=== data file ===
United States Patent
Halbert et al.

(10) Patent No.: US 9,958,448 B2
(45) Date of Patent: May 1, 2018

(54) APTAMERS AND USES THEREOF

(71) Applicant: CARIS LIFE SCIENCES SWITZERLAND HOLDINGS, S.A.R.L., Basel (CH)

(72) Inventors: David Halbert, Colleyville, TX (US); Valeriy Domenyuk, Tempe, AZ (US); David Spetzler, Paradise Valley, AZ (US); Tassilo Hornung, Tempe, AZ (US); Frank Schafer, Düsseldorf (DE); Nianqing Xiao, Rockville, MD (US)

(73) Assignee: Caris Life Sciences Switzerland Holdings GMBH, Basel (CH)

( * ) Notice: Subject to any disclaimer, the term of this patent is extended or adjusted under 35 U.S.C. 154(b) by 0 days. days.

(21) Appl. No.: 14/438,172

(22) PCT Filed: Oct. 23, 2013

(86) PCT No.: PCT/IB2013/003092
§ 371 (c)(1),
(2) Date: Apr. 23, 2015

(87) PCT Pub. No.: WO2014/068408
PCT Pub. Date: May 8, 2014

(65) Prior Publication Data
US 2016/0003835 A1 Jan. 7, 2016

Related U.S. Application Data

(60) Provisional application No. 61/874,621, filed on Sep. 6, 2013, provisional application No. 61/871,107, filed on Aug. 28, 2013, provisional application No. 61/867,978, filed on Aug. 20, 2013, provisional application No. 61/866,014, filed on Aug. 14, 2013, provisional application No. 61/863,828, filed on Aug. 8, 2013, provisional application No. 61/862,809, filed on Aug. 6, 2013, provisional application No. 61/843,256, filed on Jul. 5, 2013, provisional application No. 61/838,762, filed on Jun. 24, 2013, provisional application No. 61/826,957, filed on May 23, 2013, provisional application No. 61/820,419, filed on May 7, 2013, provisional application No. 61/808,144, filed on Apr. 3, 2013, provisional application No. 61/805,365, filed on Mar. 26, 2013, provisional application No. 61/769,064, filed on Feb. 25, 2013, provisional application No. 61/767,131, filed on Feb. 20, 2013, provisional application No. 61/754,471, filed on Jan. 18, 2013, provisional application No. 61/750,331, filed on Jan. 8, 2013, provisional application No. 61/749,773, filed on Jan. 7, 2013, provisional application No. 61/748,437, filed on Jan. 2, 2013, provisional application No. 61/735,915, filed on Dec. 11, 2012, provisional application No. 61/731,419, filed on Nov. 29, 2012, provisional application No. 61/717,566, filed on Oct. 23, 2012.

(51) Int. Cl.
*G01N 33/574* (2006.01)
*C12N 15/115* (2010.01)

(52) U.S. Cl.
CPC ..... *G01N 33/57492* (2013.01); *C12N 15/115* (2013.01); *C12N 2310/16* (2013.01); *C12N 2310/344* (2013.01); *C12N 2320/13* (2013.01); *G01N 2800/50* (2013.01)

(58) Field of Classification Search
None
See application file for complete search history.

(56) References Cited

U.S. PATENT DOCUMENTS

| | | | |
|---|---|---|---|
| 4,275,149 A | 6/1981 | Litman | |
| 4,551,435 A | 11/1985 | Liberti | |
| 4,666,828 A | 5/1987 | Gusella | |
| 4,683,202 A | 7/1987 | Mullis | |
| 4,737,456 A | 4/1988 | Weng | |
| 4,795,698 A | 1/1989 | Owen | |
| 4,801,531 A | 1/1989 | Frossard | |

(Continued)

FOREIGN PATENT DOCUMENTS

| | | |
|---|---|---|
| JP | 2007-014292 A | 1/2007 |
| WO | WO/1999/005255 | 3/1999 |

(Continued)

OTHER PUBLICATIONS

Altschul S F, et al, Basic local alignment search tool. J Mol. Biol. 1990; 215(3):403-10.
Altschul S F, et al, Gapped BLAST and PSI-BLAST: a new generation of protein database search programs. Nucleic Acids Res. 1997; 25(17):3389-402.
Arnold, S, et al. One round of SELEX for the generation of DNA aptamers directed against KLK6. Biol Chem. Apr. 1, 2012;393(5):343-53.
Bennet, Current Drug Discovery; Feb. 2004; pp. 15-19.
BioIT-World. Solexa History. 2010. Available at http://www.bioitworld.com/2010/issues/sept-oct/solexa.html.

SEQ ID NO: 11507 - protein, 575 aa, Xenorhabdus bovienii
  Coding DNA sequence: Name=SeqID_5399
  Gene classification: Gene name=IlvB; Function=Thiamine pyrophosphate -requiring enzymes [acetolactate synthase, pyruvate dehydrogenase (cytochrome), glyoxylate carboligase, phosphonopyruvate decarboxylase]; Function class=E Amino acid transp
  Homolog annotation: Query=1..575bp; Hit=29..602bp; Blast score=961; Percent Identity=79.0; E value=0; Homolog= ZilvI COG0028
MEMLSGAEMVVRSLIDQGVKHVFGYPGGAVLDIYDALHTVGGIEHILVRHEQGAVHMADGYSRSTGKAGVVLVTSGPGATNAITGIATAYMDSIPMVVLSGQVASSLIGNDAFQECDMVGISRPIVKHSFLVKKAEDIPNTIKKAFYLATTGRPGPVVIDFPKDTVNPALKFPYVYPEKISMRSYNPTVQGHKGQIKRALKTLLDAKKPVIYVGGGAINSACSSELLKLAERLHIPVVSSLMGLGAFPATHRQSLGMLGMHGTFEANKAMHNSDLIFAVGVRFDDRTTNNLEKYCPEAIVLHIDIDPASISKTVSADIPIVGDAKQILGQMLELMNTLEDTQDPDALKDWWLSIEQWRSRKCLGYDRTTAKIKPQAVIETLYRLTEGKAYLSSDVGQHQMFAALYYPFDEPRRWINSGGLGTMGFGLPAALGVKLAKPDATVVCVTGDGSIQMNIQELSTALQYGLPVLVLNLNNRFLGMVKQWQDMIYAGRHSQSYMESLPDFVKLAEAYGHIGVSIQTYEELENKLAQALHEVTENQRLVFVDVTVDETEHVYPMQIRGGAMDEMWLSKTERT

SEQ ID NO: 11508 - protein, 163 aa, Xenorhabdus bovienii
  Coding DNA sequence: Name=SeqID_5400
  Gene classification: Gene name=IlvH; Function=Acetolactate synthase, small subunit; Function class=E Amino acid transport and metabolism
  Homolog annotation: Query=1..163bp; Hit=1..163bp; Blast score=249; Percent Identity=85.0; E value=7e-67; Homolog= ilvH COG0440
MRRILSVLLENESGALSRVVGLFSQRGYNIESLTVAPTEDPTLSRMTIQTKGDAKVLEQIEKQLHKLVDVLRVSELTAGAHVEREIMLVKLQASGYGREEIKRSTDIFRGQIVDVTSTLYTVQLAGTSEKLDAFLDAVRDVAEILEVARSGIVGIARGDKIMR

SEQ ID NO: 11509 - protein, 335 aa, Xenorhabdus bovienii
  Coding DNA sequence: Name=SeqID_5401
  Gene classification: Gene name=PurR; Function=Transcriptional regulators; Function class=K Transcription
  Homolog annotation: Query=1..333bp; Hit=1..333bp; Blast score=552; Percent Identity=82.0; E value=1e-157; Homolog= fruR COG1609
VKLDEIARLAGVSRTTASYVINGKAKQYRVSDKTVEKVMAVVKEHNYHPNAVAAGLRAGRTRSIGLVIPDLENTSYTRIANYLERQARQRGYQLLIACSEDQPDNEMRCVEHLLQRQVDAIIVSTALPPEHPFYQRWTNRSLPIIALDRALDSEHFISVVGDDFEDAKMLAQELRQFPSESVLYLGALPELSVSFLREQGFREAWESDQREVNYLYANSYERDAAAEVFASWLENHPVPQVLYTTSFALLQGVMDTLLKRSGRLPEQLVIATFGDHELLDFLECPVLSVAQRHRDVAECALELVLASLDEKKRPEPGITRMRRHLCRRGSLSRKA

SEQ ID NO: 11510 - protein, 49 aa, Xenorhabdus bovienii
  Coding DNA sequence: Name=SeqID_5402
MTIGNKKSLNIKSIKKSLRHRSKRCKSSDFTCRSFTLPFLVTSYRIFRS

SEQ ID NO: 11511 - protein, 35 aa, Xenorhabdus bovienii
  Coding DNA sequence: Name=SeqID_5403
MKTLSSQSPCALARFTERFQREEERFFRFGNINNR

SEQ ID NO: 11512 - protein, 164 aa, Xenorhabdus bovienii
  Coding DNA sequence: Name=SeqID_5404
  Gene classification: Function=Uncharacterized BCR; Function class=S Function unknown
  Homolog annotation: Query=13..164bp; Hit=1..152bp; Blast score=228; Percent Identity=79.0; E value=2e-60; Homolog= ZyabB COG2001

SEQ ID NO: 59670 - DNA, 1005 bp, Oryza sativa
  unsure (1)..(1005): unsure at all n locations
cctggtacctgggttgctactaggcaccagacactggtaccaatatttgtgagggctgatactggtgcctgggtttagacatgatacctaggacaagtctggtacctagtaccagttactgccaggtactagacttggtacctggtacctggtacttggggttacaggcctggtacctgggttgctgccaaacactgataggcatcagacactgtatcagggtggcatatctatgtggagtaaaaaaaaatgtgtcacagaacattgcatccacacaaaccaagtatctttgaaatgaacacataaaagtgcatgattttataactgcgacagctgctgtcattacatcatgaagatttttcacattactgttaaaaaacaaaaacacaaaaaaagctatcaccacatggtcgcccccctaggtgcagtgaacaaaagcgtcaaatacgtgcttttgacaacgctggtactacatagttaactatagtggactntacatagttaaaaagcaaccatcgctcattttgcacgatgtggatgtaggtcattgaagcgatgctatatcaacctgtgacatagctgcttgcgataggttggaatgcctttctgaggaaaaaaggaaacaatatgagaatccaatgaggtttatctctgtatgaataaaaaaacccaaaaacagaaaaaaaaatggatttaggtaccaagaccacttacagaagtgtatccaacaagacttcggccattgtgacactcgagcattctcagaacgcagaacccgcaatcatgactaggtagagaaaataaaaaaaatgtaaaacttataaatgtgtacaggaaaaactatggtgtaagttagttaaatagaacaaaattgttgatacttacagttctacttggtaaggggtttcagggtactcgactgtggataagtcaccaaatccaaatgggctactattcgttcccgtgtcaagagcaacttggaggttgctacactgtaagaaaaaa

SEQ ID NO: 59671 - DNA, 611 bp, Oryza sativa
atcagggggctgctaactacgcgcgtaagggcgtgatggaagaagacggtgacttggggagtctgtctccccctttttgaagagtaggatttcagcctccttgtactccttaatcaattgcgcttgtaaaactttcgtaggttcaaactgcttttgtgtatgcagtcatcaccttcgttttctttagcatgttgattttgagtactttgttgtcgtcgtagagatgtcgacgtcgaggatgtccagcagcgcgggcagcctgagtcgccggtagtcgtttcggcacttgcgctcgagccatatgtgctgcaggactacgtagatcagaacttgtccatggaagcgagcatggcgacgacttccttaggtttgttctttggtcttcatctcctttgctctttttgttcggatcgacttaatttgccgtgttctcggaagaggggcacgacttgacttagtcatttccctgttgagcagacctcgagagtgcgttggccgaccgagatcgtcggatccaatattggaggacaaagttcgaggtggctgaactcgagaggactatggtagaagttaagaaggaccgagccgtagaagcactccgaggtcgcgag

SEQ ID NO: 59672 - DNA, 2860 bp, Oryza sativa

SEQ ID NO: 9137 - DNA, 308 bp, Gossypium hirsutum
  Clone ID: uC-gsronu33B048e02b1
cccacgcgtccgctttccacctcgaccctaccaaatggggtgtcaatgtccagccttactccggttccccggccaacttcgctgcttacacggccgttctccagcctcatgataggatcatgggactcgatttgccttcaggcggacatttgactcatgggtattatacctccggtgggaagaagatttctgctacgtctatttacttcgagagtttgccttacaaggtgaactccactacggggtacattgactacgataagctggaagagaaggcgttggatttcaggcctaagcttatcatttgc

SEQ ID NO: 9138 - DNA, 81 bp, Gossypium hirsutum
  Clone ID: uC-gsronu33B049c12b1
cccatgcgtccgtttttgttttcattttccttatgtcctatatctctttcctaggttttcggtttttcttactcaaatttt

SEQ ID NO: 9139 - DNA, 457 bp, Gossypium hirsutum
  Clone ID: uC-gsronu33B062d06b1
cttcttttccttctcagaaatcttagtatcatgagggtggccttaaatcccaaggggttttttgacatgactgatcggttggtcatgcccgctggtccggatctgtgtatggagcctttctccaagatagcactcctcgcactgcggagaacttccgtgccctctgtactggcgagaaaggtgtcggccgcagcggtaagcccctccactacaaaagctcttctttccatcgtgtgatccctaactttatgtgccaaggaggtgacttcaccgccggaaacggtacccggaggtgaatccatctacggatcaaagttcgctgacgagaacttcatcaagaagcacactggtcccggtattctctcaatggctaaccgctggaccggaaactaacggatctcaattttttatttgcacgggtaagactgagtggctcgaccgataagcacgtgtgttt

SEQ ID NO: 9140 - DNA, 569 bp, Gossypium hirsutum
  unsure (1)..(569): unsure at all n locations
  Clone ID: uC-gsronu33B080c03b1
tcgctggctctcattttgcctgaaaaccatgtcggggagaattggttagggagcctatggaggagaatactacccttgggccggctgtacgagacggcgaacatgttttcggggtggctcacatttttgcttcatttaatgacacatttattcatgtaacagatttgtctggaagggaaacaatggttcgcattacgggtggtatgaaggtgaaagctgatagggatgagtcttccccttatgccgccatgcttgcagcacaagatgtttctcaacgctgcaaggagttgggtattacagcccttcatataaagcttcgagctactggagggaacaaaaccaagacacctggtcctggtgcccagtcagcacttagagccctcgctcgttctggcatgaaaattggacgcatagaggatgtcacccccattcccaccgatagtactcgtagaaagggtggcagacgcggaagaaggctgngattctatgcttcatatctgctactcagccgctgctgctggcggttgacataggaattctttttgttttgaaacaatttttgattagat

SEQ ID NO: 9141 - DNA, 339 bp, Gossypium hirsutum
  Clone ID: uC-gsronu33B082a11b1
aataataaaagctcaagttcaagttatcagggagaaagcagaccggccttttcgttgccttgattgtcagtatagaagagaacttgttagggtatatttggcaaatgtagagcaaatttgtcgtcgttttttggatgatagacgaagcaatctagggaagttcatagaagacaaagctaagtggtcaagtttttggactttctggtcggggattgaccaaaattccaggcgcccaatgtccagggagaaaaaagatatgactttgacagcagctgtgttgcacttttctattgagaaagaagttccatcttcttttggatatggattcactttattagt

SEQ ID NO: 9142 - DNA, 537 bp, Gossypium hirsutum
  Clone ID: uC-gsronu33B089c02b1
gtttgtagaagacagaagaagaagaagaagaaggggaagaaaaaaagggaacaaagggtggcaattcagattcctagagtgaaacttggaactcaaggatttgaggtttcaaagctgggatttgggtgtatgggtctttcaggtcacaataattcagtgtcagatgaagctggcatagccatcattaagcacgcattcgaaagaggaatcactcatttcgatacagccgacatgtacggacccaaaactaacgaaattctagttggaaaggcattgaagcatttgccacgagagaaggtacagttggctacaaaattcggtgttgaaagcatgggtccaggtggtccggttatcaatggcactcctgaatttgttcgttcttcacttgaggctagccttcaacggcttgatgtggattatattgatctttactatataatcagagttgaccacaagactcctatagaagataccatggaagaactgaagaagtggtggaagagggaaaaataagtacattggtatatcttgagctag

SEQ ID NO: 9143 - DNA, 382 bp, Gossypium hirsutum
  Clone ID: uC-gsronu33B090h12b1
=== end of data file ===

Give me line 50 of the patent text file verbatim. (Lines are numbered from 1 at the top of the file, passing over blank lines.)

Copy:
Arnold, S, et al. One round of SELEX for the generation of DNA aptamers directed against KLK6. Biol Chem. Apr. 1, 2012;393(5):343-53.